Fresh Salmon fish

We planned to avoid freedom of information law, says council

A senior Scottish planning official has admitted making arrangements to circumvent freedom of information law to receive vital environmental data from fish farmers “face to face”.

Campaigners have accused Highland Council of “deliberately” evading the public’s right to know, and are calling for tougher legal controls.

Scottish Information Commissioner, Daren Fitzhenry, expressed concern that the council’s public function had been compromised.

During a Scottish parliament committee meeting, Highland Council’s planning team leader Mark Harvey revealed plans for face to face meetings with fish famers to avoid freedom of information law. The council stressed that that in order to access the information it needed to check harm to wild fish it had to bow to fish farmers’ insistence on not writing anything down.

Commercial caged salmon are sometimes plagued by sea lice that eat them alive. Environmental groups are concerned that the lice can escape and damage wild fish populations.

For years campaigners have been demanding access to data on lice infestations at individual fish farms. But the industry has always resisted releasing the information, claiming it is commercially confidential.

But on the 6 February the general manager of the Scottish Salmon Producers’ Organisation, David Sandison, promised an end to the secrecy. “From here on and forthwith, we will publish all data on sea lice counts on farms in Scotland on a farm-by-farm basis,” he said.

His announcement, which was widely welcomed, was made at the start of a long-awaited hearing on fish farming by the Scottish Parliament’s Environment, Climate Change and Land Reform Committee.

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Later in the hearing the planning team leader with Highland Council, Mark Harvey, applauded the move. But then he revealed how the council had been planning to acquire sea lice data from individual fish farms.

He said: “Due to sensitivity about freedom of information and so on, we tried to work out arrangements to receive that information face to face, so there was not a huge exchange of information. I hope that that will now not be necessary.”

The Campaign for Freedom of Information in Scotland recently launched a bid – backed by The Ferret – to encourage civil servants to keep records. “We are pleased that public officials are being honest about deliberate, planned actions to avoid records being made in the first place,” said the campaign’s convener, Carole Ewart.

“The consequence is that people are being deliberately denied the right to access information as a way of holding government and publicly funded services to account.”

Enforcement was needed, Ewart argued. When the Scottish Parliament launches its expected scrutiny of freedom of information law it should consider making it an offence to deliberately prevent records being made where the intent is to prevent disclosure, she said.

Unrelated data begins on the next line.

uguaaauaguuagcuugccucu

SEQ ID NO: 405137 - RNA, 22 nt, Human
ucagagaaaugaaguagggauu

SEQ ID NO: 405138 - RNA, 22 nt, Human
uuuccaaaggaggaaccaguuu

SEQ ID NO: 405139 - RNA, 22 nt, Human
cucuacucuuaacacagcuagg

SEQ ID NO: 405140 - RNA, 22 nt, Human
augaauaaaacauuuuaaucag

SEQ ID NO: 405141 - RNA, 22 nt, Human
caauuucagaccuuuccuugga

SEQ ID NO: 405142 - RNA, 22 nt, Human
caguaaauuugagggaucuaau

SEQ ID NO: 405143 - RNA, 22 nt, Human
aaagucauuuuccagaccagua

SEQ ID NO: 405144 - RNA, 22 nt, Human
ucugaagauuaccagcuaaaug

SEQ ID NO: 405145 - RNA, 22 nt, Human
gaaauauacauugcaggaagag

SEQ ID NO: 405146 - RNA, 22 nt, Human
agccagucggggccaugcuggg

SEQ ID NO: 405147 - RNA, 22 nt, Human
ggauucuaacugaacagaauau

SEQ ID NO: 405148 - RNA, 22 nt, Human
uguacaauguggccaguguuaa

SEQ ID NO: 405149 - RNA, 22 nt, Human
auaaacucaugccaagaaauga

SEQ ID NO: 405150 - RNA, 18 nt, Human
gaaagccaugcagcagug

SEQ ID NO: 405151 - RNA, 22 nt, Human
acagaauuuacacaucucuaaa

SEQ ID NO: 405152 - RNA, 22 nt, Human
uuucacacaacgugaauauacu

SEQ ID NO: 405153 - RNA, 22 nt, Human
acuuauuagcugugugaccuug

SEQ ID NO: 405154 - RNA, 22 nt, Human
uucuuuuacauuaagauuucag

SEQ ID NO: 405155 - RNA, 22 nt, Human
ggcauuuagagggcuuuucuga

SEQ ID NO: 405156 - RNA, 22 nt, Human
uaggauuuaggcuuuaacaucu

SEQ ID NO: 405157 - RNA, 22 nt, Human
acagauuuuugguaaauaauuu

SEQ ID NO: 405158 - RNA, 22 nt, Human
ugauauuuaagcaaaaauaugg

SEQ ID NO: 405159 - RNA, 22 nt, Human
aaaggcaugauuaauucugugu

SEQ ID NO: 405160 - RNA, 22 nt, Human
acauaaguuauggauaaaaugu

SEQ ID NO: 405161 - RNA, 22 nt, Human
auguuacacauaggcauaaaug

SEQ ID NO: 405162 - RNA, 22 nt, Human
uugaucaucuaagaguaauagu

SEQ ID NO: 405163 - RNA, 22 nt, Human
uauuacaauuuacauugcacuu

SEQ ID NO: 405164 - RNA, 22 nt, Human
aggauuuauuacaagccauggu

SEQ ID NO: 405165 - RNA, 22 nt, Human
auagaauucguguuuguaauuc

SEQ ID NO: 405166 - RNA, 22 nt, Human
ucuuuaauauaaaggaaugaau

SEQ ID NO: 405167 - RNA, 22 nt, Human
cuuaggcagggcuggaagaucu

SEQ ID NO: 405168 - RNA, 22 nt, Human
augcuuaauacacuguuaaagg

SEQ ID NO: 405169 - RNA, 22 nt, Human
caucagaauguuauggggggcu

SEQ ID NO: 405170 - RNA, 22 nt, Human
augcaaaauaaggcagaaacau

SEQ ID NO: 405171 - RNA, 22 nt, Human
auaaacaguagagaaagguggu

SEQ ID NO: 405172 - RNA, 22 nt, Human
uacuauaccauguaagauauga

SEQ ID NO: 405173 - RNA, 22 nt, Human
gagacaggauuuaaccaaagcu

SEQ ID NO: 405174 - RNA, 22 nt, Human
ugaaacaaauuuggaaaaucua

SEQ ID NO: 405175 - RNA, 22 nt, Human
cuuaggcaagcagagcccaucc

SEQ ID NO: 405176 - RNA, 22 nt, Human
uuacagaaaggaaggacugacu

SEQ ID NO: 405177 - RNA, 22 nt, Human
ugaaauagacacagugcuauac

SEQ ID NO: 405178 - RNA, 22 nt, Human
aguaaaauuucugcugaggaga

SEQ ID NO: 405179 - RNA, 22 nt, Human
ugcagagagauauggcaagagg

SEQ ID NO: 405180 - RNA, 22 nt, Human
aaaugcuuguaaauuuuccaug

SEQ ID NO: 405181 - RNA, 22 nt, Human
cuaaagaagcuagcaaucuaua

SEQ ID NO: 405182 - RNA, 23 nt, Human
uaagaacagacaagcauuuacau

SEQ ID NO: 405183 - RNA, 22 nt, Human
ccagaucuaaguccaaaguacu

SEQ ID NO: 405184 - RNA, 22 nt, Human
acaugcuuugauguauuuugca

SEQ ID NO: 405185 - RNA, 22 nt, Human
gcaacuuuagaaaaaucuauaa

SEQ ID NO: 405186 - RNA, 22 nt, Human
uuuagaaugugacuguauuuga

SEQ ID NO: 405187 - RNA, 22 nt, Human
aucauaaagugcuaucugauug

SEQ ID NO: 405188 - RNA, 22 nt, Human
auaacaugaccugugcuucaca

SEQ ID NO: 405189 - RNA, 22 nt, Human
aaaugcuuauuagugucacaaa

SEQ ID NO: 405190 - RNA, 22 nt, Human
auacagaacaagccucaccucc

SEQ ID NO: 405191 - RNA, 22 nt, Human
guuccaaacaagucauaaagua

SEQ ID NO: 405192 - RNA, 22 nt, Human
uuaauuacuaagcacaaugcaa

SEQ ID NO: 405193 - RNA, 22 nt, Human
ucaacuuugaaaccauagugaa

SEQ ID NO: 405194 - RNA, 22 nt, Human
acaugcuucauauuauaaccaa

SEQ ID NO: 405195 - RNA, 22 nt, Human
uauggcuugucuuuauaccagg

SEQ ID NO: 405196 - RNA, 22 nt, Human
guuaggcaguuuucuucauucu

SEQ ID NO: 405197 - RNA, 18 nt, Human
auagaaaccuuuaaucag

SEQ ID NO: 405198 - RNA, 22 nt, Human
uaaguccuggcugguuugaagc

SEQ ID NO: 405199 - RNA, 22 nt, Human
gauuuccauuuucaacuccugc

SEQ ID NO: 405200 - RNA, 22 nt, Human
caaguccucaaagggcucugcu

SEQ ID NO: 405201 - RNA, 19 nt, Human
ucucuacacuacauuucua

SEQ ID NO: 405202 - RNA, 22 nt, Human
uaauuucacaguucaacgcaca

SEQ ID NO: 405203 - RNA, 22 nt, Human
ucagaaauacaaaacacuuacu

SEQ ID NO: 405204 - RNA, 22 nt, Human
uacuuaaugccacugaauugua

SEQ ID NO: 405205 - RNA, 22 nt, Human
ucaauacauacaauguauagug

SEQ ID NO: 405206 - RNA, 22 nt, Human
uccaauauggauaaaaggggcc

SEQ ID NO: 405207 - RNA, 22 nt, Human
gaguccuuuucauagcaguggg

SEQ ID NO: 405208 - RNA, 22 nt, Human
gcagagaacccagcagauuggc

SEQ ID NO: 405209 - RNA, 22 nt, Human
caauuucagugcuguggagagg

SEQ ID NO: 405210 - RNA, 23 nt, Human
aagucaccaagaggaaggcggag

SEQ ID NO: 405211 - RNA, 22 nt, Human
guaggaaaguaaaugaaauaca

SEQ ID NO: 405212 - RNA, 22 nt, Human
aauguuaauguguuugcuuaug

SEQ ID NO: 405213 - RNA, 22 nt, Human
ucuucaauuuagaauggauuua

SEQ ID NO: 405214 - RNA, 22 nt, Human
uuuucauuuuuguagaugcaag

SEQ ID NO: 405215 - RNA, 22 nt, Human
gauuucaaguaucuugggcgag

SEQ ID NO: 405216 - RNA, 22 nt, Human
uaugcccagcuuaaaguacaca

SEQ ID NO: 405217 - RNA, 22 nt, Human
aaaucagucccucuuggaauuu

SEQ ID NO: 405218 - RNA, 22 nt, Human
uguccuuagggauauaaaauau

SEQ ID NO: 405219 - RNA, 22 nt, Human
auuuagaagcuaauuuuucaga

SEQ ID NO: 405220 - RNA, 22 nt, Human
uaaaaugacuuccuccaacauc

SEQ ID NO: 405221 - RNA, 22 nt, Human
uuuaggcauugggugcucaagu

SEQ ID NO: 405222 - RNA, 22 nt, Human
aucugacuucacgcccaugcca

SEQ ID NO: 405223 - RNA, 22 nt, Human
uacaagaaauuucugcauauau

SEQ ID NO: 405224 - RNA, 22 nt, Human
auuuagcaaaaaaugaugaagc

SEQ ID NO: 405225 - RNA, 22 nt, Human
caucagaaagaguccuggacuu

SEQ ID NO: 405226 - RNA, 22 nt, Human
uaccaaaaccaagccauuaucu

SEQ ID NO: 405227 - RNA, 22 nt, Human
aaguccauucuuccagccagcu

The point was reinforced by the wild fish group, Salmon and Trout Conservation Scotland, who wanted “legal underpinning” for the publication of farm-specific sea lice data.

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The group’s solicitor, Guy Linley-Adams, said: “That public bodies are going about their business in a way deliberately designed, it seems, to evade the public’s legal right of access to information about the environment, is wrong under any circumstances, and they should not do it.”

Fitzhenry, who became Scottish Information Commissioner in October 2017, pointed out that over the last four years his office had upheld multiple appeals to release sea lice data. “It’s in everyone’s interests that this data is published,” he told The Ferret.

“It’s not at all surprising to hear public officials were also affected by not being able to access sea lice information. The discussion points to an impact on their ability to provide a public function.”

Highland Council confirmed that fish farmers were concerned that written reports would be released. “The industry had previously indicated that they would only communicate such information in face to face meetings on a commercially sensitive basis that did not include an exchange of written material,” said the council’s head of planning and environment, Malcolm MacLeod.

“The council effectively had to accept this view in order to receive the information required to allow operators of fish farms to discharge planning conditions relating to monitoring impacts on wild fish.”

He added: “However, it is still early days for the use of such conditions and no such meetings have taken place with Highland Council. David Sandison’s announcement now appears to allow a different procedure to be followed, and the council is awaiting further details with interest.”

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